Working with a Constraint!

 What do you do when you don’t have enough fabric for a project or find that your fabric is too narrow (which in my case was a narrow 36 cm wide Kimono fabric). Well, you alter your patterns based on the main fabric and use an accompanying fabric to make the rest of the pieces up.

This was what I had to do when I wanted to make a vest for summer but found that I didn’t have enough of the silk Kimono fabric that I bought last year. While rummaging through my stash of fabric, I found that I had some off-cuts of mesh and instead of throwing it away, I used that to supplement the Kimono fabric.

Adjusting the pattern was very easy as I decided that the Kimono fabric will be placed in the center panel while the side panel will be made of the mesh. Because I placed a seam line where the Kimono fabric and mesh would meet, I could eliminate the side seams.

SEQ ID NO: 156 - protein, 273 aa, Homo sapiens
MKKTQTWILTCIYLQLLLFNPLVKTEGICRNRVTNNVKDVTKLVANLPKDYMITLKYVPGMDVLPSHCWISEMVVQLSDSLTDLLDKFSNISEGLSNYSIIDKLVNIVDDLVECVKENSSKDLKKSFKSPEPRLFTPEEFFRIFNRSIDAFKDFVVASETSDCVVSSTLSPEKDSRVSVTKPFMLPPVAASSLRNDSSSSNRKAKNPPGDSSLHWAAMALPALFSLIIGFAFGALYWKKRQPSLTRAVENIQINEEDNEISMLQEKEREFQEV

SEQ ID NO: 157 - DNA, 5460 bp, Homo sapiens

As the opening was wide enough to pop my head and arms through, the edges of the vest was finished off with a narrow bias binding. No ribbing was required for this project.


In total, this vest took me a few hours to complete from altering an existing pattern to sewing the garment up. Cutting the fabric up was extremely easy as the central panel of the pattern was based on the width of the Kimono fabric. This meant that I only had to cut the neckline, armhole and hem. The side seam was the actual selvedge of the fabric and did not require any cutting.


This vest has a very sporty element to it probably due to the mesh but the feature is definitely the Kimono fabric.

This little experiment also meant that I can expand on the design of this vest; for example, the Kimono fabric could be extended in the front and the back to leave it trailing while the side panel stays at the original hemline. I could also leave the Kimono fabric uncut, folded between the legs as it extends down from the original hemline. There are so many ways of proceeding with this original design now and strange enough, it all began with a constraint in the fabric.

Lesson: There is always something positive in the midst of something negative!


About syvyaw

Eat, sleep and think Fashion.

One comment

  1. This is gorgeous! I love that kimono fabric, it’s just stunning. What a great top to come out of it too. The mesh pairs really well with it.

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